Sunday, October 20, 2013




A few months ago, on a lazy Sunday morning, sitting under the shady trees of the cool green Wakad Park on the banks of Mula River in Pune, a very creative friend of mine, Dhananajay Joshi, an ex navy buddy, told me about his theory that that there are three types of professionals and senior executives:

1. CV Builders

2. Empire Builders

3. Institution Builders

Since he had to rush to Mumbai, he said that he would elaborate more on the subject the next time we meet.

In the meanwhile, I wrote about it briefly in my blog:

This morning, he called me up from Mumbai, and sent me an article on the topic by email.

So, here is a “guest post” - an article by Dhananjay Joshi titled: Running with the “In-Surs” And Hunting with the “A-Surs”

(An Article by Dhananjay Joshi)

I study people in a non-scientific way.

A scientific probe robs people of their colourful humanity.

Maybe, my results lack repeatability, and, cannot be independently validated, but they are as interesting as the people I study.

(Notice I used the word “people” instead of “subjects”)

People in corporations can generally be coloured in two shades of grey:

1. Those who are “in-sur” (musically in-tune) with organizational objectives


2. Those who are “a-sur” (out of tune) with organizational objectives 

It is tough to identify either, because shades of grey blend.

Let’s make this task a little more black and white.

In most corporations, it’s easy to discern three people categories:

1. The CV Builders.  The only reason they work for is because it would look good on their CV. They are like butterflies. After the nectar from a flower is exhausted, they move on to the next. They have great drive and are ambitious. They are totally “in-sur” with themselves. It’s tough to say that they are not “in-sur” with the organization. An “a-sur” masquerading? Shades of grey?

2. The Private Empire Builders.  They love to create private empires with themselves as alternate power-centres. Just like a spider. Any movement in any department is reported to the centre. The spider creates this web, by promoting mediocrity over meritocracy. Mediocrity for ever remains subservient to the central spider. The boss now needs to negotiate with the alternate power centre to execute a project. It’s tough to say that the spiders are not “in-sur” with the organization, but the “a-sur” in them needs to be satiated first.  Shades of grey again.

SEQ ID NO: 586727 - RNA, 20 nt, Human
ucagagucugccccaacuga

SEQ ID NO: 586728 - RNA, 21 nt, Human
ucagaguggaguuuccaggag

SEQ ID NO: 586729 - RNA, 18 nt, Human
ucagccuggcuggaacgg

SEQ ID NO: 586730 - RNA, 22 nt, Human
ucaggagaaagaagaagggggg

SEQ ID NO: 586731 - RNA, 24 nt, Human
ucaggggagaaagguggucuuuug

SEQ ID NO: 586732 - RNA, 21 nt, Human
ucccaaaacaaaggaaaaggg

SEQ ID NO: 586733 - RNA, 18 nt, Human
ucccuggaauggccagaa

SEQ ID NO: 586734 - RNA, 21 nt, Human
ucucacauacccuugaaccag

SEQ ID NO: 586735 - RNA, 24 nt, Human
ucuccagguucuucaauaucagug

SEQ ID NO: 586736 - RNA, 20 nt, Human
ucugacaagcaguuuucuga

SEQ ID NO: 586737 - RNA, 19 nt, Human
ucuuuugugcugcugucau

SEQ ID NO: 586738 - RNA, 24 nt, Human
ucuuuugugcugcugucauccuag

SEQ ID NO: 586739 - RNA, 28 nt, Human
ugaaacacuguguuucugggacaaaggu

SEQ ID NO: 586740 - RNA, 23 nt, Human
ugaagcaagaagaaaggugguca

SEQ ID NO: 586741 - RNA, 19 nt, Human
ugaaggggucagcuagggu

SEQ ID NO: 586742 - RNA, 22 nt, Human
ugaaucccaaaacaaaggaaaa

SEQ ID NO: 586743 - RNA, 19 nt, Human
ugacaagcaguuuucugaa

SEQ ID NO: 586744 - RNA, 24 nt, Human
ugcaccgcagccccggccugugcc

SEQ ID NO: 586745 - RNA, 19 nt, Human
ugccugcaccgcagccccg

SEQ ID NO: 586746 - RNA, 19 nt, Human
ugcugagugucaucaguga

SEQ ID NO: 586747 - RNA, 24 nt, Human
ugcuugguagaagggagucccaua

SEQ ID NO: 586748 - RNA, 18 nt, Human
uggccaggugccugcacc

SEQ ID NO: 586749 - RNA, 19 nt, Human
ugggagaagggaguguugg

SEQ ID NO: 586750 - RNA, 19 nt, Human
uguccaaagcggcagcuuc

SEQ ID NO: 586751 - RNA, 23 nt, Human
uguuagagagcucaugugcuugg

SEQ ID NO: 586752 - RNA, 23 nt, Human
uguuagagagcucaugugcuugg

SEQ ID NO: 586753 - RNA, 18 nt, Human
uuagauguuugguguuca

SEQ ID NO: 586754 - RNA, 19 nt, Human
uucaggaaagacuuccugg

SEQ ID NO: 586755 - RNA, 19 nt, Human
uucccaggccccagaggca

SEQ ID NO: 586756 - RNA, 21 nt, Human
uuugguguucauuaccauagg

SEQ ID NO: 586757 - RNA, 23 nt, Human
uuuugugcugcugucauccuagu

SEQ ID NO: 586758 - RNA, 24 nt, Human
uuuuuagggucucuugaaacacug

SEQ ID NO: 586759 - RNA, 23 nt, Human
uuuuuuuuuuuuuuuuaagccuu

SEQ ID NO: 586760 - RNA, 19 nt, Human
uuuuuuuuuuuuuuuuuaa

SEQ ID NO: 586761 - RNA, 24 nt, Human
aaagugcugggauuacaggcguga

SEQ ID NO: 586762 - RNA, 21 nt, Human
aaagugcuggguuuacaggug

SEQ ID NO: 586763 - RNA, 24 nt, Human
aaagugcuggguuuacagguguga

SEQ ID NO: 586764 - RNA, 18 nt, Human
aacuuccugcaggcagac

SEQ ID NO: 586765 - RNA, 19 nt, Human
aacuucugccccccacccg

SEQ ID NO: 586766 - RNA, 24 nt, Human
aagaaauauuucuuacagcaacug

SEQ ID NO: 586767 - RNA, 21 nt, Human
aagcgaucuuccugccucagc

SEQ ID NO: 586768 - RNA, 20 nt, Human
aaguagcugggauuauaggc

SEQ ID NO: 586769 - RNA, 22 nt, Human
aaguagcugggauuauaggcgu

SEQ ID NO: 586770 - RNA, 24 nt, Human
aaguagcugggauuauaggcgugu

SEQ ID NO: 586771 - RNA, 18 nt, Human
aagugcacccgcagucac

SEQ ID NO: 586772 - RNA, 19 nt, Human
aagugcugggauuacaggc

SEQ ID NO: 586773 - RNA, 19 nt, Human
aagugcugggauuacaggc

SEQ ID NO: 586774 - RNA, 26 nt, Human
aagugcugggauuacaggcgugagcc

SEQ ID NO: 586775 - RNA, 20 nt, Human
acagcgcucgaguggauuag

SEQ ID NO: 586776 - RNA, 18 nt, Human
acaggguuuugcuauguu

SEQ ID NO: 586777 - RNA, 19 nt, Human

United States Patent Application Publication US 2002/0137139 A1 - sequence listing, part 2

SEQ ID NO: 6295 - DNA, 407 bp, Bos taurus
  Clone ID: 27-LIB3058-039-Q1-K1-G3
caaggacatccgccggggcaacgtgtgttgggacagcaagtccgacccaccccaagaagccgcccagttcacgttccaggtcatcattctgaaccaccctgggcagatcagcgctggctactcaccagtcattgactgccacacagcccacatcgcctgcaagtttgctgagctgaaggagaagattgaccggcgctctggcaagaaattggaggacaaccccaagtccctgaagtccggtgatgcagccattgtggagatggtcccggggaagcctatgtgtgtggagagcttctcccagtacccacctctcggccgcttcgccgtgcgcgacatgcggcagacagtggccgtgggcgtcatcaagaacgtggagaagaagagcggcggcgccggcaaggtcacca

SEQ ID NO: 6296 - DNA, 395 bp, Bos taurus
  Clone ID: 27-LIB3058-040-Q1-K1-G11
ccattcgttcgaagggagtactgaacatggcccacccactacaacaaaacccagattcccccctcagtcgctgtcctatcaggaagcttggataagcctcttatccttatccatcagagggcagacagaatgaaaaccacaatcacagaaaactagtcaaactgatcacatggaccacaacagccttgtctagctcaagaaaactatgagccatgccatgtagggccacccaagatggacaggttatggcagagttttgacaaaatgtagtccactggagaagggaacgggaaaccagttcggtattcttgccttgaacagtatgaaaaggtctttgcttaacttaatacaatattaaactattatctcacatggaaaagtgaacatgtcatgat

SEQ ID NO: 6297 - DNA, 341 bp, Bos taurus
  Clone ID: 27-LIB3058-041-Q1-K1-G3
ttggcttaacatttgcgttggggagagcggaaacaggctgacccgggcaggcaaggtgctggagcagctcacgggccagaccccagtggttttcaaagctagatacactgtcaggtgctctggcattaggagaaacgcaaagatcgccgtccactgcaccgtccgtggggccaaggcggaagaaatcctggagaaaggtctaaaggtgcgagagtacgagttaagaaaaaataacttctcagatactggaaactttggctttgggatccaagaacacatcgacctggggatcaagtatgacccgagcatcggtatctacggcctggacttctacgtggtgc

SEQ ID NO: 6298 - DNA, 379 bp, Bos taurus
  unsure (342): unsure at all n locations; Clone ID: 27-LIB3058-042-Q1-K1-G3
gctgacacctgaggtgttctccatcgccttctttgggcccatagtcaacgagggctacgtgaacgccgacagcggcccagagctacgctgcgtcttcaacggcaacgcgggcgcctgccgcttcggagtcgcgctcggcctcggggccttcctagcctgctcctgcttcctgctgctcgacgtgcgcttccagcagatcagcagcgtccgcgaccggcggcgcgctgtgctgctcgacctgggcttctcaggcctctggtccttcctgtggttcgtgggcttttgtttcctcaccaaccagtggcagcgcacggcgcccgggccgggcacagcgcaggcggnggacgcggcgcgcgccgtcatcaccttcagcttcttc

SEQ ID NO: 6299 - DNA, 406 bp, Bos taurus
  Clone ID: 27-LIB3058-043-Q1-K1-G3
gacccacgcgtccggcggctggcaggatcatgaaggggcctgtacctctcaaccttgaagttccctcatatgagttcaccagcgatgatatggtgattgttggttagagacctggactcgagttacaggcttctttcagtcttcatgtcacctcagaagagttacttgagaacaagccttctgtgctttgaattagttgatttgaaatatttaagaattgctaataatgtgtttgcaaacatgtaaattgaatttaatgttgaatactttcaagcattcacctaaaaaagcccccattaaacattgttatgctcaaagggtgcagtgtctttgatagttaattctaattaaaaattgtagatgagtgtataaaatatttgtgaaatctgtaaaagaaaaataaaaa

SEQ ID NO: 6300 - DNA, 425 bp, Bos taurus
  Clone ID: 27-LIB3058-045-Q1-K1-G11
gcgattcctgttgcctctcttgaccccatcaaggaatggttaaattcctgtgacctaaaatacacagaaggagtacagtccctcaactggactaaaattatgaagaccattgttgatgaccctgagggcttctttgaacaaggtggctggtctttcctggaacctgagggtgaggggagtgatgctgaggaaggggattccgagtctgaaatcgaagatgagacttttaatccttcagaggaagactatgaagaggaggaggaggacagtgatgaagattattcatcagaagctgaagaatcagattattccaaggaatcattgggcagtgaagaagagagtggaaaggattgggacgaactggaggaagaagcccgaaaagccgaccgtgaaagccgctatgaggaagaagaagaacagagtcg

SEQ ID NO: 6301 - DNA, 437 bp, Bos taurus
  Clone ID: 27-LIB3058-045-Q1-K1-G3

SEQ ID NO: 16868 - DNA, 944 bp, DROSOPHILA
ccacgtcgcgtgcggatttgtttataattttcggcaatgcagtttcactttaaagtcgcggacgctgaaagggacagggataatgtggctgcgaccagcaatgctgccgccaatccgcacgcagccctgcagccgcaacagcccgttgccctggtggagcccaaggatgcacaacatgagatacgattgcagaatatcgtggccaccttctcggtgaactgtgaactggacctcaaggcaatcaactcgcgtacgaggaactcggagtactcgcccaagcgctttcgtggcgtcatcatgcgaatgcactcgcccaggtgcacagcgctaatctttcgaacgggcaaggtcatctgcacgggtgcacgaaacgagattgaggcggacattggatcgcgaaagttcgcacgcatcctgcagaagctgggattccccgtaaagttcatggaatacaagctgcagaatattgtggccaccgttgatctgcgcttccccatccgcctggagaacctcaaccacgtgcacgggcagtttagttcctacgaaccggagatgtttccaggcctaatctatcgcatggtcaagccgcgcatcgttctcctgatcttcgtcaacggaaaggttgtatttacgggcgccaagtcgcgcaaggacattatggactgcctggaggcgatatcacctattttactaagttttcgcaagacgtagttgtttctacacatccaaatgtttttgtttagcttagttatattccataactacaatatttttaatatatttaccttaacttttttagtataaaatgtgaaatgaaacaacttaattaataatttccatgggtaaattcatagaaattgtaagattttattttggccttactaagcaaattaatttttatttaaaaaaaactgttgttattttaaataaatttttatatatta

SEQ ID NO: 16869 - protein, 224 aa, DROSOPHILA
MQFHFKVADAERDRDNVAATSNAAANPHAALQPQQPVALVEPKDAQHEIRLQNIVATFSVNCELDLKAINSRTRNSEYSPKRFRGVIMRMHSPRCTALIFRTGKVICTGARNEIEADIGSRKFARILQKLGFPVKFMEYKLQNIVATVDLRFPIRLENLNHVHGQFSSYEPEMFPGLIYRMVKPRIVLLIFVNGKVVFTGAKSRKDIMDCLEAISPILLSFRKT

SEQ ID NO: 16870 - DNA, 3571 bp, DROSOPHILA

3. The Organization Builders.  The reason they are still there is because they believe in the organization. These are the guys who actually speak up in meetings. To the “a-surs”, these guys are committing hara-kiri by speaking-up. These guys speak-up because they believe in what they say. They are so involved in the project that, pleasing the boss does not occur to them. They have enormous drive and little personal ambition. They are “in-sur” with the organization’s objectives. Now we are moving to the black and white.

If it is about moving to black and white, let’s look at it from the point of view of drive and personal ambition.

Visually it would look something like this.

The IN-SUR versus A-SUR Grid

Revisiting the CV Builders – they obviously have high drive, which is good for the organization. What differentiates them is that also have very high personal ambition. With high personal ambition comes the need to control and dominate others.  And anybody who finds the need to “enslave” others is “a-sur”. They do not see the need to “enroll” people instead.

The Organization Builders have low personal ambition, which works very well for the organization itself. They find no need to “control” others; what drives them is the ideation process. These guys often undersell themselves, because they do not know the art of hard-sell. The organization values their worth, but does not promote them. They are soft targets for the “a-surs”.

The Private Empire Builders have low to medium drive, but high personal ambition.  Their agenda naturally veers towards filling the drive void. These guys take refuge in being the alternate power centre. Their need for control is satisfied by being the spider.

In this scenario, a CEO has a tough task: – running with the “in-surs” and hunting with the “a-surs”.

(Dhananjay Joshi would love to receive your comments and feedback by email at: )

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